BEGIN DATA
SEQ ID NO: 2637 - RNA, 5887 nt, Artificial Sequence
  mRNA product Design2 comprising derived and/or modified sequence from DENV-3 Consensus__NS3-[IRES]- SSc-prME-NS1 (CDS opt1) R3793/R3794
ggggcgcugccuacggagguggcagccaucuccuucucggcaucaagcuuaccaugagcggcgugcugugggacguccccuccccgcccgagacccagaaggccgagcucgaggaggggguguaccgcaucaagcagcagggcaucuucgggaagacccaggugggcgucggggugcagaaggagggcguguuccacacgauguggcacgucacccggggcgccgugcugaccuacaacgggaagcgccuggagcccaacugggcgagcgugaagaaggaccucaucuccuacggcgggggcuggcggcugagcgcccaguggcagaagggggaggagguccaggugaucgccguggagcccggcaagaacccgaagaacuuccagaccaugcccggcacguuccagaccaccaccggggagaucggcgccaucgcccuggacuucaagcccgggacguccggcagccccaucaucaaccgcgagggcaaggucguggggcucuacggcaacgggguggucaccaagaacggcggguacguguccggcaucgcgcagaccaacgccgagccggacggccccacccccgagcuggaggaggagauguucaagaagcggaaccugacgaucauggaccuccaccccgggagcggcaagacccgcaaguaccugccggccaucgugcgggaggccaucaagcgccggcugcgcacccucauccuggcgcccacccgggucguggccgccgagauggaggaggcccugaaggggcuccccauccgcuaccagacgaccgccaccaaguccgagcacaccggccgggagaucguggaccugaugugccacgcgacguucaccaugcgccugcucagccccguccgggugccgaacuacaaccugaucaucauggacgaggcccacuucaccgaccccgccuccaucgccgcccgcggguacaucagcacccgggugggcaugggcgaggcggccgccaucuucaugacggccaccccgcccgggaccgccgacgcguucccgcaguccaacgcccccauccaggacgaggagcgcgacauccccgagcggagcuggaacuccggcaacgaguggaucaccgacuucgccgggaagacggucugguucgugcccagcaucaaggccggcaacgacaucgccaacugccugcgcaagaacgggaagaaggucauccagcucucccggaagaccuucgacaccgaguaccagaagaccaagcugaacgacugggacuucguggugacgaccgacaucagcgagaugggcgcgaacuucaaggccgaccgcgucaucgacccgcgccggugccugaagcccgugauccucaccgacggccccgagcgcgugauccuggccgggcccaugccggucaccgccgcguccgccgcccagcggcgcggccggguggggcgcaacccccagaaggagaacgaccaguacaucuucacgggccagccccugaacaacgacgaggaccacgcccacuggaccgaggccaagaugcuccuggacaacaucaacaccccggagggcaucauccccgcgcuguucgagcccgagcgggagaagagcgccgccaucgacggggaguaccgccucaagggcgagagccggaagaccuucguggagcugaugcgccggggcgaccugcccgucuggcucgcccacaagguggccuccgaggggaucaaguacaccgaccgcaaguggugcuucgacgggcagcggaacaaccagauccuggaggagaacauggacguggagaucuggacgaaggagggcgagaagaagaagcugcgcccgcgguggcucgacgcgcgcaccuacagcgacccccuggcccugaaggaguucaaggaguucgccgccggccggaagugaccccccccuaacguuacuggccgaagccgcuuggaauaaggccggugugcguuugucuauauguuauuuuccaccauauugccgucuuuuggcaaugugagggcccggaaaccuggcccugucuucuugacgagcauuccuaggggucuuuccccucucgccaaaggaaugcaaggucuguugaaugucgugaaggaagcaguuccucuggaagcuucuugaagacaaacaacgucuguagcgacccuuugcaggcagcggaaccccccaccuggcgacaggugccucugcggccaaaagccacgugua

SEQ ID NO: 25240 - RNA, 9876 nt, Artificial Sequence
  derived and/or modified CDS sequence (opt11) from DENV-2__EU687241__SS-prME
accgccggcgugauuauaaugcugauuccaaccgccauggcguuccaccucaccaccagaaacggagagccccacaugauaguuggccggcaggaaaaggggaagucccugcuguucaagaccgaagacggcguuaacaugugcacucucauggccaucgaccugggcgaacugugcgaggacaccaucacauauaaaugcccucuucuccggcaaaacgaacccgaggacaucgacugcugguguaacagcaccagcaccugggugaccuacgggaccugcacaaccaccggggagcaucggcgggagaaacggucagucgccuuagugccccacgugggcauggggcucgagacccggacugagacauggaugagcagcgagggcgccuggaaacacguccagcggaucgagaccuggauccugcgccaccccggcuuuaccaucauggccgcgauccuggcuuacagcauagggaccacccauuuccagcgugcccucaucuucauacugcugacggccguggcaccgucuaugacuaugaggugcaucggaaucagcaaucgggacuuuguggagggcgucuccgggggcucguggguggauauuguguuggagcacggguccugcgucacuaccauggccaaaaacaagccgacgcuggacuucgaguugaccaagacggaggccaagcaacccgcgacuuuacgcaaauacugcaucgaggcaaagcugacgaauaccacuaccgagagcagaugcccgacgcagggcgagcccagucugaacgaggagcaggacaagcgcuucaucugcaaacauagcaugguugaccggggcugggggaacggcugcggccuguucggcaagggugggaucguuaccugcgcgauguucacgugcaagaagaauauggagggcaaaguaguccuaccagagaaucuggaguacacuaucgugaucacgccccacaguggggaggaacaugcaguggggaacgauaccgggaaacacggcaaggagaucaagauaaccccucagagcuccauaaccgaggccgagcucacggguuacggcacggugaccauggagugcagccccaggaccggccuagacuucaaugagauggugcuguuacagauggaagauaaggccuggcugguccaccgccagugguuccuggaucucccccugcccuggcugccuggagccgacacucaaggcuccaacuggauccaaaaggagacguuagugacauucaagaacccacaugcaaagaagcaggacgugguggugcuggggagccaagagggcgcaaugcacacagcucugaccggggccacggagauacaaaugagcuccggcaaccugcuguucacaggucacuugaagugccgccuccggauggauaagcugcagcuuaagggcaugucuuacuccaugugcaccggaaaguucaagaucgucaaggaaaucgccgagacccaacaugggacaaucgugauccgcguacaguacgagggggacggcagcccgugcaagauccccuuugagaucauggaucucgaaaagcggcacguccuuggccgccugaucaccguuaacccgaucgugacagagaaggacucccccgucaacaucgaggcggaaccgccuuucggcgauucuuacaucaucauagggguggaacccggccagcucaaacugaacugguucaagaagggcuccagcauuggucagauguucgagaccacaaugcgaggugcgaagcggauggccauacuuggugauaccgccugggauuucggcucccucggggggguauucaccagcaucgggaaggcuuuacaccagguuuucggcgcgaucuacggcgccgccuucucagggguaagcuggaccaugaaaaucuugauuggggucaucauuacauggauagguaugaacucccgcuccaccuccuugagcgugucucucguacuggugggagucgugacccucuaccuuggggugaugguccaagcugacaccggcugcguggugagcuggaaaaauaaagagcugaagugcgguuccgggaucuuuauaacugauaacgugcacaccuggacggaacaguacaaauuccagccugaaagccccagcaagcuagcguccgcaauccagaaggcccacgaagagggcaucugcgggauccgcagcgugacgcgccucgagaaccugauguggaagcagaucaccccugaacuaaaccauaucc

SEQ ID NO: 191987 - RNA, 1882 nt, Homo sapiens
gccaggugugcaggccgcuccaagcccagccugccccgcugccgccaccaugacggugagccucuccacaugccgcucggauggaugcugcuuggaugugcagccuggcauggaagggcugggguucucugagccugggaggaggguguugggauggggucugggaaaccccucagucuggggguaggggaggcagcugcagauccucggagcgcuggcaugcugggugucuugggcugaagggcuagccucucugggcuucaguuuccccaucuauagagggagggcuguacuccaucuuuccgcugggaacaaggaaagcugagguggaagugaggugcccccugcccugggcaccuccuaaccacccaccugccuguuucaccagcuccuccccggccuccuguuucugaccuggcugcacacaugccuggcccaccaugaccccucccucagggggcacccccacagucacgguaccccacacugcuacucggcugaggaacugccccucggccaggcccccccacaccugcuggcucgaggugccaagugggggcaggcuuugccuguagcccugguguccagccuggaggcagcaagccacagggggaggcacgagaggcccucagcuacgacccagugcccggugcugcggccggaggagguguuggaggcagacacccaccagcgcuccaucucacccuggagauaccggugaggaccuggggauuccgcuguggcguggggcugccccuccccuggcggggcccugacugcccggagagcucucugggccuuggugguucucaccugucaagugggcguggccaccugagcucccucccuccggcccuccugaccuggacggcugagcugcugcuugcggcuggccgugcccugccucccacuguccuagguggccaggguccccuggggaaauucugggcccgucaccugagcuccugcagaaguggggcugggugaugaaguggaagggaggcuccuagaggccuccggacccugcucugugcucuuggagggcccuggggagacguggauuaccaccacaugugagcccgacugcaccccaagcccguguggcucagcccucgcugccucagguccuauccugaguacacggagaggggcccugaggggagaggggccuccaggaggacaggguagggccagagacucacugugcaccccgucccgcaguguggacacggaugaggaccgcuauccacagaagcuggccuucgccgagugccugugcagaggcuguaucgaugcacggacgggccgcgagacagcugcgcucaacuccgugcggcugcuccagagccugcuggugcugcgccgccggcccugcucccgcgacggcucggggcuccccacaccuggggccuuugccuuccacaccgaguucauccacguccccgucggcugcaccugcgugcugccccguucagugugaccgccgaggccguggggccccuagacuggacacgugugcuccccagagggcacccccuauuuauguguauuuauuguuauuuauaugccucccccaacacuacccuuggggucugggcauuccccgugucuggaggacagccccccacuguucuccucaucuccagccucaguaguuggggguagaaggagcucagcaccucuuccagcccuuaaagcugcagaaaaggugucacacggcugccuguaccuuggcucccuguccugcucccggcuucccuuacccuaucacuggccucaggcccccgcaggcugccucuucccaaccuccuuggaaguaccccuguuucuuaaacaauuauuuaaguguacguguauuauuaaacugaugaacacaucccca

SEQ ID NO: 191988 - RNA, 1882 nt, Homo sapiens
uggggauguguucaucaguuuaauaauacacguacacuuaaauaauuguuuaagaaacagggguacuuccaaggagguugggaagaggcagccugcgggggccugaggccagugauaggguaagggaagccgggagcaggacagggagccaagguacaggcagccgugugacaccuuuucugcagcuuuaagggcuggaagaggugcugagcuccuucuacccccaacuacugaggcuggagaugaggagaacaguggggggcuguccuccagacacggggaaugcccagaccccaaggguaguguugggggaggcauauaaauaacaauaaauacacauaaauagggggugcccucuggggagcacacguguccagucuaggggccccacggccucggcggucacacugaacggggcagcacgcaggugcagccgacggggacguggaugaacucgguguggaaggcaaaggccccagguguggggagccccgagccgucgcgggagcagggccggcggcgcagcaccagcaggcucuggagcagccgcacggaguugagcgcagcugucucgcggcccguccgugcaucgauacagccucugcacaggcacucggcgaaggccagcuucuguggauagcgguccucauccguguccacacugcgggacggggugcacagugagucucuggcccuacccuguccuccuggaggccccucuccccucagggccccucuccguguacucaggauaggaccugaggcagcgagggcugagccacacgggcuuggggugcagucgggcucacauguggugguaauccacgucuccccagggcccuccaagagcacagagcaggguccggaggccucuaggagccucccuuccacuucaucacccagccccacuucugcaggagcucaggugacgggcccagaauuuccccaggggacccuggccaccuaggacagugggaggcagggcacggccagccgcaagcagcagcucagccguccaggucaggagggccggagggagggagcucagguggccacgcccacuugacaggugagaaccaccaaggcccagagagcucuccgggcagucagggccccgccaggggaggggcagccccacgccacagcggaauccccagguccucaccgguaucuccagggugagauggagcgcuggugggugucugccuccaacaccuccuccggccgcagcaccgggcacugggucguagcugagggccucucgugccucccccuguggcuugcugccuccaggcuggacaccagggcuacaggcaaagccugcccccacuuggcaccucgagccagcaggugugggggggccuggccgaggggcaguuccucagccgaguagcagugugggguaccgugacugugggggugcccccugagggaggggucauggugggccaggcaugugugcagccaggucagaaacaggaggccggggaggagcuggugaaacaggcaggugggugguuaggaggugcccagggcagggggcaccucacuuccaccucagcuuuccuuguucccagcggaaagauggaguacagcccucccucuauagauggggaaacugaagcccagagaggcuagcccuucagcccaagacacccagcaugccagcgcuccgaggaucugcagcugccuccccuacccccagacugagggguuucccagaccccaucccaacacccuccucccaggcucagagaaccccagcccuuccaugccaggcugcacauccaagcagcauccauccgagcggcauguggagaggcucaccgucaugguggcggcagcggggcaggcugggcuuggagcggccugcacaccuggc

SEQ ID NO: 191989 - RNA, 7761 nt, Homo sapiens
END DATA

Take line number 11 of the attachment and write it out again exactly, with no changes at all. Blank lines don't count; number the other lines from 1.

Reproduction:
SEQ ID NO: 191989 - RNA, 7761 nt, Homo sapiens